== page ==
‘Incomplete RTV-133 Material Closeout Application on Forward Skirt Door: RTV-133 closeout required by drawing. Unexpected debris source in location. No history of liberation. No failure mechanism identified,’ noted the SRB IFA presentation.
This issue holds no problems for the boosters, as the material’s loss – noted once the boosters returned to port – was identified to have happened during the towback to dock, as opposed to during flight itself.
“Suspect SWAR (Sea Water Activated Release) Units Failed to Release,” is more interesting, especially after it was deemed as a likely candidate for the STS-122 parachute issues.
“One LH and two RH units failed to release. Eight SWAR units per parachute. Disconnects main parachute from SRB after splashdown,” added the presentation.
However, such a failure occurs after the “SRB Mission Cycle,” meaning it is not an issue for STS-124. Added to the redundancy in the system, the parachutes still disconnected as expected, following splashdown.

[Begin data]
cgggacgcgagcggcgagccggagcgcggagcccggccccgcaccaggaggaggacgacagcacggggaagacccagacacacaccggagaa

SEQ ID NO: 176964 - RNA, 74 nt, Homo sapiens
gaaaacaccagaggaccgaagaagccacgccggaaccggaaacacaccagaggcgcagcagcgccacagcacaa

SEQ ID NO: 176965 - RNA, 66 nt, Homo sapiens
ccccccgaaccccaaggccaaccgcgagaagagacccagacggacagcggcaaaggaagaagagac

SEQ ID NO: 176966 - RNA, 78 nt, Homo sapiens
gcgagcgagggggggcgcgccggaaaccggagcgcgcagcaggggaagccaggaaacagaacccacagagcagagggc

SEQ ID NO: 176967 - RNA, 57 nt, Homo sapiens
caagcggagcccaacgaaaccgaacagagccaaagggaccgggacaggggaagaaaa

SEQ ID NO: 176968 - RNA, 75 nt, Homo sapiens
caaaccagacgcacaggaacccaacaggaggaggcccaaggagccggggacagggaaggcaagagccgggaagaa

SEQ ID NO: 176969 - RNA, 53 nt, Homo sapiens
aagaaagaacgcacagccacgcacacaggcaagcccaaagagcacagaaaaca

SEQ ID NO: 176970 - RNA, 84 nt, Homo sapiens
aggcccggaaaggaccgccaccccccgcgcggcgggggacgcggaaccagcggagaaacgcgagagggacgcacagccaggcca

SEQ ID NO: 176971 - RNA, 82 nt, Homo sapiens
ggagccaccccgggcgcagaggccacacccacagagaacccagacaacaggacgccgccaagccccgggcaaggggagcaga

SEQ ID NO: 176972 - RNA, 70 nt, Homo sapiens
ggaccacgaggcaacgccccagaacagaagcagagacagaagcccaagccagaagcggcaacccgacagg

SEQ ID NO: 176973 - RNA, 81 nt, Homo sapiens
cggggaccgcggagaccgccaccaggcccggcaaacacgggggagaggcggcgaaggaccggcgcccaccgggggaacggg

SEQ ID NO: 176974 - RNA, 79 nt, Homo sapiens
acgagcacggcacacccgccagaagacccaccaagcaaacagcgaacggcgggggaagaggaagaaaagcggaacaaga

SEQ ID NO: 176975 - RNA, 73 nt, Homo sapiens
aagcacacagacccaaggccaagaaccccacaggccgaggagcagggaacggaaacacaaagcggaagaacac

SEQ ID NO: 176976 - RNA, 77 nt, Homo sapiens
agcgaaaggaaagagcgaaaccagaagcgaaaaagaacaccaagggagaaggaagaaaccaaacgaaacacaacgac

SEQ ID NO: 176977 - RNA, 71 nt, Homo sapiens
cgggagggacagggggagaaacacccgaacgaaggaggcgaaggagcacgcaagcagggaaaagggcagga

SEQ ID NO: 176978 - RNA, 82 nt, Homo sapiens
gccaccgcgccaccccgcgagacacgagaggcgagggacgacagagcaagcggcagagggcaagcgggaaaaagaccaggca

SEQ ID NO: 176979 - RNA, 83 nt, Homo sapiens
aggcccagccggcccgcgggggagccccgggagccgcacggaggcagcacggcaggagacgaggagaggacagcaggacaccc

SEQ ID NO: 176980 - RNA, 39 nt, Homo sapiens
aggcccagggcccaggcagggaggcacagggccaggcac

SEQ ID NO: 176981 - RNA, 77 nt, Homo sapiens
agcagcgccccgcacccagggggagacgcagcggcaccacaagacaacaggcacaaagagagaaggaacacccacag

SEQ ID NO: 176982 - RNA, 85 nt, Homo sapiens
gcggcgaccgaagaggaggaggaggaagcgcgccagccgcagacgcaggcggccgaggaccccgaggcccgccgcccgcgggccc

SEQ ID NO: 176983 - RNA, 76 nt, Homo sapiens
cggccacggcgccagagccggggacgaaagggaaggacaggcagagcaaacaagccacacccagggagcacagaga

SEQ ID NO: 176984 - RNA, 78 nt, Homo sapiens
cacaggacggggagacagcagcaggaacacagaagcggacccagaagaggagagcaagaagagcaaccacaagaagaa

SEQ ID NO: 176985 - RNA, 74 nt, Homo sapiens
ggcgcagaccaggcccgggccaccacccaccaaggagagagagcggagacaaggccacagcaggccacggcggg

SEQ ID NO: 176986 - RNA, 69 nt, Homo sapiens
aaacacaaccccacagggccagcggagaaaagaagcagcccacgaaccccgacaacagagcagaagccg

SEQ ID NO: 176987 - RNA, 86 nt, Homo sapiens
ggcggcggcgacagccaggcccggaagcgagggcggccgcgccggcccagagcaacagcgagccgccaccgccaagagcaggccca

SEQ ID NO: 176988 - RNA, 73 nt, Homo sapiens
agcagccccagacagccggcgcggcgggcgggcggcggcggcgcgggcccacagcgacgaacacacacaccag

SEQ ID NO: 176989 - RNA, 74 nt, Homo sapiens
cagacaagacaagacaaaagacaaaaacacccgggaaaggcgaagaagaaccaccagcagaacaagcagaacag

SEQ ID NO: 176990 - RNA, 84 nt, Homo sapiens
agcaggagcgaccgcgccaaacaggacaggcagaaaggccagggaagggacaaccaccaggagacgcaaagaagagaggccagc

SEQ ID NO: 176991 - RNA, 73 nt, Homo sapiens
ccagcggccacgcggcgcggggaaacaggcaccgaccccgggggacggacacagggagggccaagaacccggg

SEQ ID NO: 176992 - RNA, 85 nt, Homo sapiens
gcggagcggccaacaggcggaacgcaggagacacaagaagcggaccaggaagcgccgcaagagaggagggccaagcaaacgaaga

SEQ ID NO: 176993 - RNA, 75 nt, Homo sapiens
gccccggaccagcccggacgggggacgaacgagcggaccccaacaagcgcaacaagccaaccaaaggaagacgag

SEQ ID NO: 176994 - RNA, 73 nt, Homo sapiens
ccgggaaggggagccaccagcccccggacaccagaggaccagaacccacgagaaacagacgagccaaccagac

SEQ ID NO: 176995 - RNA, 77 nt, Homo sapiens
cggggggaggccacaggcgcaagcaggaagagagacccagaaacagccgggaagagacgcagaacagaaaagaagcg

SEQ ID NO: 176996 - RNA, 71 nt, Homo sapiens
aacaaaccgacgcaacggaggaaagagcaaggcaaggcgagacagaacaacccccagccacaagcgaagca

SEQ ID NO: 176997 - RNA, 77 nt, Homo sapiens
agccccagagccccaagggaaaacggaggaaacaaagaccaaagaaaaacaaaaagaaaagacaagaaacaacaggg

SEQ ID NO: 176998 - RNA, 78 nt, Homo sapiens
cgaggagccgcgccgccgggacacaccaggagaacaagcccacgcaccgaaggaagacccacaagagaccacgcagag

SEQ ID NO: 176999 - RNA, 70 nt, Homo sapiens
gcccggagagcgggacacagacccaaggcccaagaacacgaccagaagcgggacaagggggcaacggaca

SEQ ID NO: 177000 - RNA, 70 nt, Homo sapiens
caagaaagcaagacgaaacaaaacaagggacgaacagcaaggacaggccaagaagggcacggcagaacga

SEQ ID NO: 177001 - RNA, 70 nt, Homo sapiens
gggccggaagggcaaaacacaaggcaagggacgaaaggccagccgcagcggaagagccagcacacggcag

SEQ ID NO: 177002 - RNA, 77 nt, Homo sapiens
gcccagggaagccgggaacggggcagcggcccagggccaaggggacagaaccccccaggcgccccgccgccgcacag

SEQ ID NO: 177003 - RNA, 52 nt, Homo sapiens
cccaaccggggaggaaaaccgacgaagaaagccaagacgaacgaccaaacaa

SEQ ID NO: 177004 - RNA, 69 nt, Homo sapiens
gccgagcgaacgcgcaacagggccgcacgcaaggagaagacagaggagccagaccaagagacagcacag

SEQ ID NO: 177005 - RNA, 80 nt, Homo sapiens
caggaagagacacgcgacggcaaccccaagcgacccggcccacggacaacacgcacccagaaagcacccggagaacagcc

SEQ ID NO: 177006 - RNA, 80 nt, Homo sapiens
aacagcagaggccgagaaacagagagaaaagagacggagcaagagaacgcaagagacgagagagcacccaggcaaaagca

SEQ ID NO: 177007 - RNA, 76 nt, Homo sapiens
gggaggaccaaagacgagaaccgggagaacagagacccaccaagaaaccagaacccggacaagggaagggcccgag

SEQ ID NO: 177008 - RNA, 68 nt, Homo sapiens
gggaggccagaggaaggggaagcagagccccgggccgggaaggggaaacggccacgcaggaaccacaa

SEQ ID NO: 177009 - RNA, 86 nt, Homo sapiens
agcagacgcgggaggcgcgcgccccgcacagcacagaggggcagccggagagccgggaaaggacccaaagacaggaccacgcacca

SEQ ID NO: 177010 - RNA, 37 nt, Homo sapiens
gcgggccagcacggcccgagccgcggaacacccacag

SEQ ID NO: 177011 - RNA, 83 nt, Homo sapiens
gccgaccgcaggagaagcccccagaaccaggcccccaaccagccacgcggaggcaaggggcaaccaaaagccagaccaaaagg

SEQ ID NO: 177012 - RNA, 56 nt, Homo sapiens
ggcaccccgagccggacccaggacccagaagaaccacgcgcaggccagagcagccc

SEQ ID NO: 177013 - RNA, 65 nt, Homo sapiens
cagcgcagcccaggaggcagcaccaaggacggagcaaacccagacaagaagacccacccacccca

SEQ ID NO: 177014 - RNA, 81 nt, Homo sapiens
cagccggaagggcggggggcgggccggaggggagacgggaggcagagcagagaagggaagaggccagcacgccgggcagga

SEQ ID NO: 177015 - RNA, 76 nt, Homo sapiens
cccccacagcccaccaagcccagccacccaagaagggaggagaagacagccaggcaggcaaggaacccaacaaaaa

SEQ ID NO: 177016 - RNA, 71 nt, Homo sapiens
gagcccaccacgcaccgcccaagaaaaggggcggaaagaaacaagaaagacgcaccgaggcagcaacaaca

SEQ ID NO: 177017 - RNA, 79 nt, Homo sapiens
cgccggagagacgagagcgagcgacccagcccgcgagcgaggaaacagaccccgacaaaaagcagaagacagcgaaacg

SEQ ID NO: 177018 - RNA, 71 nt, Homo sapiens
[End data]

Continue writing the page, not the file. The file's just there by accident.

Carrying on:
“X-ray confirmed caused by known failure mechanism within pyrotechnic train,” added the reasoning for the failure mode. “Primer fails to breach 3 mil stainless steel booster closure cup with enough energy to ignite charge in booster.”
A key element of a mission – the EVAs – always holds the potential of causing fallout on the following mission. However, the IFA presentation for STS-123’s EVAs showed no such problems.
The main areas of interest related to the EMU (Extravehicular Mobility Unit) gloves and a MMOD (MicroMeteoroid/Orbiting Debris) strike of a piece of EVA hardware.
“Description: During EVA 1, EVA D-Handle stowed on the Z1 port toolbox was brought inside and the crew observed damage (MMOD strike). Impact: Real time structural analysis and crew time to repair,” noted the related presentation.
“Resolution: Tool was successfully repaired and used on subsequent EVAs. Returned to original stow location. No operational constraints on hardware. Will formally document the analysis results and acceptance rationale for continued use of the hardware for nominal handling/tethering operations.”
Ever since the implementation of the specially designed “Over Gloves” – cuts EMU gloves have become less of a safety concern.